This is a “cheat sheet” for debugging Fortran code with
gdb (and Intel’s fork
gdb-ia that replaces
idb), targeted to those accustomed to Matlab or Python code debugging.
gdb is capable of far more than what’s listed here, down to stack registers and assembly instructions.
gdb introduction by example is written for the science/engineering programmer who more typically uses a high-level language.
Note: In these descriptions, “function” is synonymous for program, function, and subroutine.
Start GDB Fortran debugger
- assuming executable
gdb --args ./myprog hello 3
- Run program in
gdb(perhaps after setting breakpoints) with
Breakpoints are where the debugger stops running until you type
Set breakpoints by
Example: Set a breakpoint in function
myfun on line 32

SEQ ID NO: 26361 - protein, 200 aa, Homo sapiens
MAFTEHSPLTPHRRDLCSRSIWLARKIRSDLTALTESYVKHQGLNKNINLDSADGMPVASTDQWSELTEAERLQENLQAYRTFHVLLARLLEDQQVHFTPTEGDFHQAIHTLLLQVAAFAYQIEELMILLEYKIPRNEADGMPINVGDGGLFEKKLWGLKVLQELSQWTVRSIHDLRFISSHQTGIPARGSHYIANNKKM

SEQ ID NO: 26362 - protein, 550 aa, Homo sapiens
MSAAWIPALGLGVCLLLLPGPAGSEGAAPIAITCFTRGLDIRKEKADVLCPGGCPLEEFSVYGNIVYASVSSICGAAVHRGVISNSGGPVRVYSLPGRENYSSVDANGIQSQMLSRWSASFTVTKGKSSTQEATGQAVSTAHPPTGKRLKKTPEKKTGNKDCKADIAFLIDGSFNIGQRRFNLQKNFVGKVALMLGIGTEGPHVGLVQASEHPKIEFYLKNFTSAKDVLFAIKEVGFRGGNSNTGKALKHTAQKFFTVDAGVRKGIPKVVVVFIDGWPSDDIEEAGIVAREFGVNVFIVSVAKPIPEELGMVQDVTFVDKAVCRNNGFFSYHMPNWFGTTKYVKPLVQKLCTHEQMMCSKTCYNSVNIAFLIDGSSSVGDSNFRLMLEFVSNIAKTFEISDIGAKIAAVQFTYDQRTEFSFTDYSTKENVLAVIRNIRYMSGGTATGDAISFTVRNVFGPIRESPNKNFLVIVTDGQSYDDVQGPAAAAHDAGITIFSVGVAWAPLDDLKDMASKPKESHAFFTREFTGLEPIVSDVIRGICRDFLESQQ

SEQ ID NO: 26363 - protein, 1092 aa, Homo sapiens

For breakpoints in Fortran modules in this example line 32 of a module named
mymod in function
List all variables
List all scope variables as two separate steps.
- local variables
- arguments to the function.
variable type, size (bytes/element), and shape (elements/dim) are available for each variable “var” by
Example: a Fortran
real64 3-D array of size 220 x 23 x 83:
var = REAL(8) (220,23,83)
If “var” is a “derived type” (similar to “struct” in other languages), get the same information about each record (akin to “property”) of the derived type by
function local variables
Local variables are variables used only within the scope of the function–excluding arguments to the function.
List the names and values of all arguments to the current function:
integer function myfun(a,b) or
subroutine mysub(a,b), upon
info args you’d see perhaps
a = 1.5 b = 0.2
b are arrays or structs, array values are printed as well.